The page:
March for Science: Nearly 500 communities across the globe will partake in Earth Day rallies
In response to recent government policies that may put the scientific community at risk, scientists and advocates are marching in the streets of Washington, D.C.
This Earth Day, Saturday, April 22, 2017, people in cities across the globe will march to celebrate science and its valuable role in everyday society.
According to the event website, the march is not only about scientists and politicians; it is about the role that science plays in each of our lives and the need to respect and encourage research that gives us insight into the world.
The Girl Scouts in Pasadena made posters in preparation to March for Science on Earth Day in downtown L.A. (Image via Lydia Breen and Instagram/marchforsciencela)
“The March for Science is an unprecedented call to action for everyone who knows that science is essential to public health, global and economic security, and the livelihood of communities around the world,” said Christine McEntee, executive director & CEO of the American Geophysical Union.
Nearly 500 communities globally plan on holding events.
Preparing signs for the march. (Image via cooslovesscience)
The movement has 198 partner organizations, with more joining. The March for Science announced three honorary co-chairs who will help promote the march globally, as well as attend and speak at the Washington, D.C., march.
They are Mona Hanna-Attisha, a pediatrician who exposed dangerous lead poisoning in Flint, Michigan; Lydia Villa-Komaroff, a biologist who made critical contributions to producing insulin from bacteria; and Bill Nye, a science educator and CEO of The Planetary Society.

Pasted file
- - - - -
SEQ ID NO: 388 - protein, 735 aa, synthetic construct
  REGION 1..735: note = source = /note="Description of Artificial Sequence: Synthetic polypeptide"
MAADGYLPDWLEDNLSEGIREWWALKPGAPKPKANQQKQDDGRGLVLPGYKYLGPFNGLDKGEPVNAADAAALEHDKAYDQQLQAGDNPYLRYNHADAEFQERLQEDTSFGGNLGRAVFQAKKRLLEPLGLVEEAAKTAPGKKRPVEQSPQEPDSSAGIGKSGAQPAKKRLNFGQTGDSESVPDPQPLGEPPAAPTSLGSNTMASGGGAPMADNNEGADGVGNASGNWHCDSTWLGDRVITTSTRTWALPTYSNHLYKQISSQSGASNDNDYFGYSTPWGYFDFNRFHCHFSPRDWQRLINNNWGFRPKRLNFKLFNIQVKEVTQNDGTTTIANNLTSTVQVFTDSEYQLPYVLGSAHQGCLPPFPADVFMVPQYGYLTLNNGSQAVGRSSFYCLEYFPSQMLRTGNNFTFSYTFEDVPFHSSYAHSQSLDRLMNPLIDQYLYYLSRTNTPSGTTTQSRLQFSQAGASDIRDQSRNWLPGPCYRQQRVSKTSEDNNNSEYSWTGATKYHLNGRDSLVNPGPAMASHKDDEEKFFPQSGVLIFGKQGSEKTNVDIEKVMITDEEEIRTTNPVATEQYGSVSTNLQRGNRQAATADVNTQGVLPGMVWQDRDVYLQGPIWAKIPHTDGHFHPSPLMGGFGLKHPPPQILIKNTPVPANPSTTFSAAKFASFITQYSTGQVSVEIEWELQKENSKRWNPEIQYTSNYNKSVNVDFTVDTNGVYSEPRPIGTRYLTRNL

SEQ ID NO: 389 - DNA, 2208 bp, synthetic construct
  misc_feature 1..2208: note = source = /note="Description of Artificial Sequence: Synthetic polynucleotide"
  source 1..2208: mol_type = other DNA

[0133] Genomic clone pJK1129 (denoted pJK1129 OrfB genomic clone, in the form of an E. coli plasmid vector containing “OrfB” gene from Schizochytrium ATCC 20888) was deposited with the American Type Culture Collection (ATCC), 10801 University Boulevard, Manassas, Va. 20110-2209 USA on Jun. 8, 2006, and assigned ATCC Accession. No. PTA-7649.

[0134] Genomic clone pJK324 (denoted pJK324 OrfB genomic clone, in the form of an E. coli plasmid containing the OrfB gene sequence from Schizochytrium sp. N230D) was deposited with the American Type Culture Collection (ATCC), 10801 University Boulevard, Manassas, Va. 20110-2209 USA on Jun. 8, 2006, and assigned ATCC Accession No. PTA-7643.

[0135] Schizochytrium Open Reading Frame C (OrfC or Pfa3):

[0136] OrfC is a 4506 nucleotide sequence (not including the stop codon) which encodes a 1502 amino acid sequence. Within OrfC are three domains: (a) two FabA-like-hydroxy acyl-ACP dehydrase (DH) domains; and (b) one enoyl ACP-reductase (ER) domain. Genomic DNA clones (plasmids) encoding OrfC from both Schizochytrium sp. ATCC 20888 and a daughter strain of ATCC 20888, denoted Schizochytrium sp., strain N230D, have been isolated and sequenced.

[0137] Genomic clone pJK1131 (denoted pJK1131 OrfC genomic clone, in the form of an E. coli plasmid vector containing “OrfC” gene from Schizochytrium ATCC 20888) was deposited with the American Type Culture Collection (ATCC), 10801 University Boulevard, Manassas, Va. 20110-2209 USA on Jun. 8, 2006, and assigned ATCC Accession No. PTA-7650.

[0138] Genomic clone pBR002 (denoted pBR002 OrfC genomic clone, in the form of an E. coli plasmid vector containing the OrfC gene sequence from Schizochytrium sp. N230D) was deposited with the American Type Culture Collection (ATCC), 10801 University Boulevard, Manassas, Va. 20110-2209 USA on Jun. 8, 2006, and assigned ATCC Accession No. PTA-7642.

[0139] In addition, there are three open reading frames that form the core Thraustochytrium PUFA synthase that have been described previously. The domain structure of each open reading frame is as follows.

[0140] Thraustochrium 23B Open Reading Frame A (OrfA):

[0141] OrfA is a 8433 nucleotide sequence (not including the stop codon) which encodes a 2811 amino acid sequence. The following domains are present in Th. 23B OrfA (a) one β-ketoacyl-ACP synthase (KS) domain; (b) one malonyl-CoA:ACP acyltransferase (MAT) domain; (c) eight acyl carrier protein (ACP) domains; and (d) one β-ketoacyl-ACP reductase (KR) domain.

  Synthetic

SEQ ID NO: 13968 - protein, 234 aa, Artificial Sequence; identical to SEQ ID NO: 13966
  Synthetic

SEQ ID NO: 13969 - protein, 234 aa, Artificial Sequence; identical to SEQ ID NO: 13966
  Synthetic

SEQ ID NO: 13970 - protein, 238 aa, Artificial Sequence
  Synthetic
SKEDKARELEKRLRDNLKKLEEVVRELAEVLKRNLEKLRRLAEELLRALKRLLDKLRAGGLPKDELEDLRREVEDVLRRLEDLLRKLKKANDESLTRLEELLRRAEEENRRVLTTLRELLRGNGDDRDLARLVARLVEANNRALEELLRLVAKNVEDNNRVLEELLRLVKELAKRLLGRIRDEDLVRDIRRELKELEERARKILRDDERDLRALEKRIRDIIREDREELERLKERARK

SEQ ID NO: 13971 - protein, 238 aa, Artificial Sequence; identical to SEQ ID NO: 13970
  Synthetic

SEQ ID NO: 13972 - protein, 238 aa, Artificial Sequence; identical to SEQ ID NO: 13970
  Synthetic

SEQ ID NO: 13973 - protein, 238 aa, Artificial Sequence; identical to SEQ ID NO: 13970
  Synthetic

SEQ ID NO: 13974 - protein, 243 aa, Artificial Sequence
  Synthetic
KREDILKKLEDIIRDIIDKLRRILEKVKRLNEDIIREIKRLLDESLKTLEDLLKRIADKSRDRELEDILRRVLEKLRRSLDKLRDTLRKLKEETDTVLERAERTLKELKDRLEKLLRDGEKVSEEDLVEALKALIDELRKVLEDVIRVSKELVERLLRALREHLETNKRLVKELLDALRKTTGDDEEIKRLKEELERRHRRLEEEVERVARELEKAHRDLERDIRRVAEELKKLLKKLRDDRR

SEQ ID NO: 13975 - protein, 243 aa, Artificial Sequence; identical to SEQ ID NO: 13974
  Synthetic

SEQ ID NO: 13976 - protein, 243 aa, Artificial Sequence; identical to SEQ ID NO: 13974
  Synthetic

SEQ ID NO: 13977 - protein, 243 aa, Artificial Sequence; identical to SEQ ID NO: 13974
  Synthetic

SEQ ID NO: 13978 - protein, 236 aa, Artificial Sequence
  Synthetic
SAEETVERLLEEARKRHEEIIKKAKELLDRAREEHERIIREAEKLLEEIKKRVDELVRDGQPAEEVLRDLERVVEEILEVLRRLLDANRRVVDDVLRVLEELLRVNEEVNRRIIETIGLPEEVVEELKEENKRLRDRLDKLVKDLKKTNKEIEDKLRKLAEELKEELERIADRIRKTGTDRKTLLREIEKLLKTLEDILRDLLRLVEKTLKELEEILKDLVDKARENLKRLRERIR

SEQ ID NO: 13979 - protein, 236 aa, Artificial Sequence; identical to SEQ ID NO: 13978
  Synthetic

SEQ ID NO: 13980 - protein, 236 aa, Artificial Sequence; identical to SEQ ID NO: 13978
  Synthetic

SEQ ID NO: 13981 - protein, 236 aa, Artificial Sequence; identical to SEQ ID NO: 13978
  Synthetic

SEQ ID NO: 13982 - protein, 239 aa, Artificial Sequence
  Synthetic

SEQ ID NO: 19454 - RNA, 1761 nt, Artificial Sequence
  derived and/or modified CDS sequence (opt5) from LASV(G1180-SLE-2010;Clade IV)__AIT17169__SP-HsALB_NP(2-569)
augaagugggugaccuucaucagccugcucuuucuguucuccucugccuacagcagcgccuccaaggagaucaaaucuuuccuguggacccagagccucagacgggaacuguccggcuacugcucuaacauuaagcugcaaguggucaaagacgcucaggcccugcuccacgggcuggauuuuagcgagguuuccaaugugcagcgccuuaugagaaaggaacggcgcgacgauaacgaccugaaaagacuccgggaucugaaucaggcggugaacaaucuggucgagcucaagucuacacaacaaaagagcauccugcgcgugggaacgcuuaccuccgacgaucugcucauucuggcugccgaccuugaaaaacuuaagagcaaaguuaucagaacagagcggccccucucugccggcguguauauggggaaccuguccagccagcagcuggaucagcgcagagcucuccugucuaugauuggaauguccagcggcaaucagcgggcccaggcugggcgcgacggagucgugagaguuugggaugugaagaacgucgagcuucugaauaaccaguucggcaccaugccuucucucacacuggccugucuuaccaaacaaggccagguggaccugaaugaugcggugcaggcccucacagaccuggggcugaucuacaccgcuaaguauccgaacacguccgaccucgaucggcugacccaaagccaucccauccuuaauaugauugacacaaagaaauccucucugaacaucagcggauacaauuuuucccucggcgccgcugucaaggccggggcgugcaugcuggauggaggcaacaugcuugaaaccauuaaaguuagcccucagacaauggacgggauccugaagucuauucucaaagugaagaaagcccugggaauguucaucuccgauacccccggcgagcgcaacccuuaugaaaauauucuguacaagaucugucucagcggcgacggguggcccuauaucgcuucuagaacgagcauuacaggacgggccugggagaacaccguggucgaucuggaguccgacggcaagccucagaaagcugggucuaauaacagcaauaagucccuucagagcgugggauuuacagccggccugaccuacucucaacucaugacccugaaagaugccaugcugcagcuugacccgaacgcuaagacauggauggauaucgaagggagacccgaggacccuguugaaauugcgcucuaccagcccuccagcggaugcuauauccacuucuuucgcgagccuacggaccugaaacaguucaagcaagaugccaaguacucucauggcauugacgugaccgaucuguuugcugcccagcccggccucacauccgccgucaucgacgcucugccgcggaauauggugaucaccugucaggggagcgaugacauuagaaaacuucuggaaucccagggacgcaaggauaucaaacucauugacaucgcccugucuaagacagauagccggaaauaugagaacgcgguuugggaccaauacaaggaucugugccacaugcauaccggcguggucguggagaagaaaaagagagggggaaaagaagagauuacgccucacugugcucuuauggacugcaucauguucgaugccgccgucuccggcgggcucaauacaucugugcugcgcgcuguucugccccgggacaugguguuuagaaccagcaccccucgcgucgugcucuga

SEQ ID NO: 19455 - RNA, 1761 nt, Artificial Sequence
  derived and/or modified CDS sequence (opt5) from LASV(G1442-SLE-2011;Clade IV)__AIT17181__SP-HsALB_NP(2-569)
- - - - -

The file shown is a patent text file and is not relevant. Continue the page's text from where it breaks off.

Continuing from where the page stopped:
"We march for science so that scientists have the freedom, like I did, to speak out, free from politicization and to continue to make the world a better place,” Hanna-Attisha said.
The March for Science website says anti-science agendas and policies have been advanced by politicians on both sides of the aisle, and they harm everyone — without exception. The site said science should neither serve special interests nor be rejected based on personal convictions.
“An ethical science is meaningful to us all and its role in our communities, our homes and policy making should be protected and celebrated,” said Kristian Aloma, director of the March for Science Chicago.
Inclusion, diversity, equity and accessibility are central to the march's mission and principles.
“Defending science, innovation, and discovery is an absolute must in every community throughout the world,” said Claudio Paganini, organizer with the March for Science Berlin.
“We are thrilled by the outpouring of support from museums, aquaria, scientific societies, NGOs, universities, religious groups and citizen science organizations,” Ayana Elizabeth Johnson, co-director of partnerships of the March for Science, said.
Those interested in learning more about the March for Science and how to participate can visit www.marchforscience.com.
Live footage of March for Science will be available via the Earth Day Network stream:Report a Typo
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